Fifteen years ago I was working for a nongovernment organization (NGO) in Bangladesh documenting stories of training and economic empowerment of communities. A common recurring theme in virtually all the communities was the gender stereotyping in skills training programs.
In recent years, the rise of social media has been ceaseless and rapid. It has managed to create a universe of its own—one that often leaves governments, organizations, and corporations alike continuously striving to keep up.
Nana lives in a remote village. She is married with three children. Both she and her husband are farmers. Nana went to school up to grade 3. Every now and then, the households in her community are asked to attend a meeting. One day, the village leader requested her to attend a meeting the next day.
Very few young doctors and other health professionals want to work in distant geographic locations and this preference for working in urban centers won’t change in the future and might only increase.This problem calls for innovative solutions to bring health services to populations in hard-to-reach locations and Information Technology provides some viable options which need to be scaled up and integrated into public health systems to bridge the rural-urban gap.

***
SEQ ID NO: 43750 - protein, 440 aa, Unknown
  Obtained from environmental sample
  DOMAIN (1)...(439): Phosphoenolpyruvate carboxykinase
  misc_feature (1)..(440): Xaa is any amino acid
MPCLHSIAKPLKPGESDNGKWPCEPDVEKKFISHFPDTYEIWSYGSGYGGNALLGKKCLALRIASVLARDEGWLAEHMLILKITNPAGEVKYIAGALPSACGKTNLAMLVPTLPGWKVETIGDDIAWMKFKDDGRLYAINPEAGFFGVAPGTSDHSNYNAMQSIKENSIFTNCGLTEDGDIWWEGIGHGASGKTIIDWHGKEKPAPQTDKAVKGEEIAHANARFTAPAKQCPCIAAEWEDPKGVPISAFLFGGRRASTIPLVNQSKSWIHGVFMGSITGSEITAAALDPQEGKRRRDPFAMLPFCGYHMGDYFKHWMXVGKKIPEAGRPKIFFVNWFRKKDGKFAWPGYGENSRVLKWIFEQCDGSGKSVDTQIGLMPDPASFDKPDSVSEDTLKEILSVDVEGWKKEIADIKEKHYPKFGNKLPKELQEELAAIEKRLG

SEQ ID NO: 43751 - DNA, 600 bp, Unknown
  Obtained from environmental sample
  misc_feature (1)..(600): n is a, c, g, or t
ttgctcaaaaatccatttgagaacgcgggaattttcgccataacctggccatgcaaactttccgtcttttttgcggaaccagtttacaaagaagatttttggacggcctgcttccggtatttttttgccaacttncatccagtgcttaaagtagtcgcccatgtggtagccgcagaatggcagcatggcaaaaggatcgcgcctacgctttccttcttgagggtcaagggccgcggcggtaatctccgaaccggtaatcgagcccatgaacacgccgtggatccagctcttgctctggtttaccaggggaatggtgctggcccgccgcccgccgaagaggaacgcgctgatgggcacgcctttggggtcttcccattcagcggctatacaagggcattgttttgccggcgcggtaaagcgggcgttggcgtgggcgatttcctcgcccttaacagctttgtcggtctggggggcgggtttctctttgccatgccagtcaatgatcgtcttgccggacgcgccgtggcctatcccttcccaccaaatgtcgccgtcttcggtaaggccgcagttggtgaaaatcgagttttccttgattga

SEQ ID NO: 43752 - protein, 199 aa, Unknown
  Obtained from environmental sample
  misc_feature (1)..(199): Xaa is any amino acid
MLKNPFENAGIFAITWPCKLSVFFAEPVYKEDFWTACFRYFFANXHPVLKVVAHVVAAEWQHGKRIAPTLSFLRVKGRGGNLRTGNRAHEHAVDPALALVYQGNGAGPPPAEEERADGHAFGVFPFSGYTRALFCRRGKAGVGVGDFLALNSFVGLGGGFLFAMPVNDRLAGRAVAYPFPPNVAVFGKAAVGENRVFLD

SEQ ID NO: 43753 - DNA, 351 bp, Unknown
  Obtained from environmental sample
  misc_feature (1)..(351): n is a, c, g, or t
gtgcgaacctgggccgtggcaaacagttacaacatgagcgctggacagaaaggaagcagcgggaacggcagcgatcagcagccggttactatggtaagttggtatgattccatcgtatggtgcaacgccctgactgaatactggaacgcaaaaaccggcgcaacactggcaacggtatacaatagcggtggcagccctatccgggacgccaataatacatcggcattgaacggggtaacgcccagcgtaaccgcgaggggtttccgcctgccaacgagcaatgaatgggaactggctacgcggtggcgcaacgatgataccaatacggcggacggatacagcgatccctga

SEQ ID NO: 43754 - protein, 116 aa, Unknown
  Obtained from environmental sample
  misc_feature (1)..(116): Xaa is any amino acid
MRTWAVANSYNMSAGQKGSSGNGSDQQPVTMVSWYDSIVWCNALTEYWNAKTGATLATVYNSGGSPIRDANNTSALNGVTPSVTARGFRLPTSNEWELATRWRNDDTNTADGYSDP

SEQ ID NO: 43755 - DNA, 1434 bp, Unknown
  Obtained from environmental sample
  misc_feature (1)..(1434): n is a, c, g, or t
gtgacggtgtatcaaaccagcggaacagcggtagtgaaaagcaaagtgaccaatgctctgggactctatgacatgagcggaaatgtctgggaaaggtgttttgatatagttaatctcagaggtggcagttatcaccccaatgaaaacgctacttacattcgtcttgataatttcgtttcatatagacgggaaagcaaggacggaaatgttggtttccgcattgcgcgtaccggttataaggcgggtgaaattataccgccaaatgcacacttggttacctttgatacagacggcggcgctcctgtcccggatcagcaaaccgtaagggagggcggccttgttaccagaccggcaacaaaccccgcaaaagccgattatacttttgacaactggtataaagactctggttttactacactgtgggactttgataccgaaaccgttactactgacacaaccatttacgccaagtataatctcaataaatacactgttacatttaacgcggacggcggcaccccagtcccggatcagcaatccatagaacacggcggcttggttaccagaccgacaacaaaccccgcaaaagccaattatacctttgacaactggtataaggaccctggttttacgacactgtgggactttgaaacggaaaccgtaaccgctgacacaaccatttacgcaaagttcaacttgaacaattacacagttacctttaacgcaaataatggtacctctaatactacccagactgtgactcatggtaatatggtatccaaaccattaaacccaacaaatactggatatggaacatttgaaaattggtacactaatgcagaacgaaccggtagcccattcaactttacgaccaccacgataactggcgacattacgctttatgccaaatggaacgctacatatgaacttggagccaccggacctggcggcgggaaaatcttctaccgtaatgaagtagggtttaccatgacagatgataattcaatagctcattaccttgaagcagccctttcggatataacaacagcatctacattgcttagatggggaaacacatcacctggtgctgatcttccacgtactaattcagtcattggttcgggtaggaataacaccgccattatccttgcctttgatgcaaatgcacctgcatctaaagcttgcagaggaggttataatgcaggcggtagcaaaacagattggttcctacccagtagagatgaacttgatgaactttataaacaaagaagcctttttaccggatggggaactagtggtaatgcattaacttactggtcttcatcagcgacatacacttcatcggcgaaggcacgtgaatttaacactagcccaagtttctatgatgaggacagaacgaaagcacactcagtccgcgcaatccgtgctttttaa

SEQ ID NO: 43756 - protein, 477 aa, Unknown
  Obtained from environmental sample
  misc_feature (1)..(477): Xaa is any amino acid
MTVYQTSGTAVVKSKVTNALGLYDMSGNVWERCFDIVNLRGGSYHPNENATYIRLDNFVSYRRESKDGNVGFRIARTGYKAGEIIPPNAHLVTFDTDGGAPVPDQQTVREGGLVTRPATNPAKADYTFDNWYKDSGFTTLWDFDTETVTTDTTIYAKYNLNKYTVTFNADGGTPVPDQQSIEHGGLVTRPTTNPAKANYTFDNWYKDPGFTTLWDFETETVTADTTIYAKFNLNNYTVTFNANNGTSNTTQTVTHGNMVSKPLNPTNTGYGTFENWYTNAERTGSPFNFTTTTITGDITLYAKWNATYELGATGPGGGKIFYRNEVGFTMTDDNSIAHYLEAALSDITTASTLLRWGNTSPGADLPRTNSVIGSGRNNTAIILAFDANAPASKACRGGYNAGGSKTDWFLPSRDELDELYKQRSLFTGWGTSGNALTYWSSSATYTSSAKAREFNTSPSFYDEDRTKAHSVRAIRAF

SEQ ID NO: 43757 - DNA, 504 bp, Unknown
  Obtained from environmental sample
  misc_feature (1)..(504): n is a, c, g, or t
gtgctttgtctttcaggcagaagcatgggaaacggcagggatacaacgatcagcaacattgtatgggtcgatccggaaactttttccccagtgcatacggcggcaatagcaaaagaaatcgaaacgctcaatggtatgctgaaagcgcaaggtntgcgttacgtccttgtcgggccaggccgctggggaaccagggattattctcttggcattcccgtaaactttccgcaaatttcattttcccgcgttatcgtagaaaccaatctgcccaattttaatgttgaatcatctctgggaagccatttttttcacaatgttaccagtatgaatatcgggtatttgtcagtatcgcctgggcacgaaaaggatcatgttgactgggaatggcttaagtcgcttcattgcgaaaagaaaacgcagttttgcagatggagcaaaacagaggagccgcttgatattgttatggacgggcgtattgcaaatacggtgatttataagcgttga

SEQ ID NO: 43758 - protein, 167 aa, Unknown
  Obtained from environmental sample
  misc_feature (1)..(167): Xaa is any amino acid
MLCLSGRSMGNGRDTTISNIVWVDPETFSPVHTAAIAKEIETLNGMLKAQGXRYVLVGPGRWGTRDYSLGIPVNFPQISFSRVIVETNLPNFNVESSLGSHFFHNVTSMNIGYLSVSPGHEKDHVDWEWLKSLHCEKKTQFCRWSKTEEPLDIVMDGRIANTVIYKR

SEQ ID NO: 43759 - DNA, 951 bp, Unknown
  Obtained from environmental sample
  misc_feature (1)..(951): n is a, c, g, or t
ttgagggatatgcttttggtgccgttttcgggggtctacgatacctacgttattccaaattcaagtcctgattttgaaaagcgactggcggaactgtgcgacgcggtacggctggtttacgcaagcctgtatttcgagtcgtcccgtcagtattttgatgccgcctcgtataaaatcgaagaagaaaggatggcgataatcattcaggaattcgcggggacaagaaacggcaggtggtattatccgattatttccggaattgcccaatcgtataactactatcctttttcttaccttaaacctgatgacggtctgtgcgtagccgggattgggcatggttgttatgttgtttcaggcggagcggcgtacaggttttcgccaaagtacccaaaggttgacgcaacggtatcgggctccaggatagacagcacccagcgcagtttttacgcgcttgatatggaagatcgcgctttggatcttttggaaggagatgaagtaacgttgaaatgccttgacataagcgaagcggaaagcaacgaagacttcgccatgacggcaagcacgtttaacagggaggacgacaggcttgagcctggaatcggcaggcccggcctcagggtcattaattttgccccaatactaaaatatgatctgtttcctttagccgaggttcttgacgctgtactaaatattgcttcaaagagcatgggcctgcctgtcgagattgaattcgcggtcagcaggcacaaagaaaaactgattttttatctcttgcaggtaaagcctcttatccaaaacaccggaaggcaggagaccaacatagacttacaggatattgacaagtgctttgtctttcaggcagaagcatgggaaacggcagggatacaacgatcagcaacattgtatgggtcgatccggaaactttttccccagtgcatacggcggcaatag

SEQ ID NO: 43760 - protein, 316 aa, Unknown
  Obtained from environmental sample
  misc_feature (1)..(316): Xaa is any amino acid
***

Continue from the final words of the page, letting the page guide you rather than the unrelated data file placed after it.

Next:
Starting 22 February, Asian Development Bank (ADB) is holding its second No Impact Week challenge for individuals to cut their carbon footprint, following the success of the pilot event in January 2013.
What can policymakers do to provide young people with the skills they need to succeed in an increasingly technology-driven world? How can young people themselves play a bigger role in skills development?
We are living in the time of Big Data. It comes from everywhere - from our cell phones, our computers, from fuel pumps, water sensors in meteorological stations, and countless other sources.
Can energy projects transform gender relations and deliver gender equality? What are the possible pathways? These are questions that gender and energy practitioners regularly consider.
A technology that has circled the world, connected up millions and impacted upon developed and developing countries is mobile telephony. The mobile phone has revolutionized the way we communicate, do business and access products and services.
There are cost-effective approaches that developing countries can actively consider in traveling on the road to becoming advanced knowledge-based economies.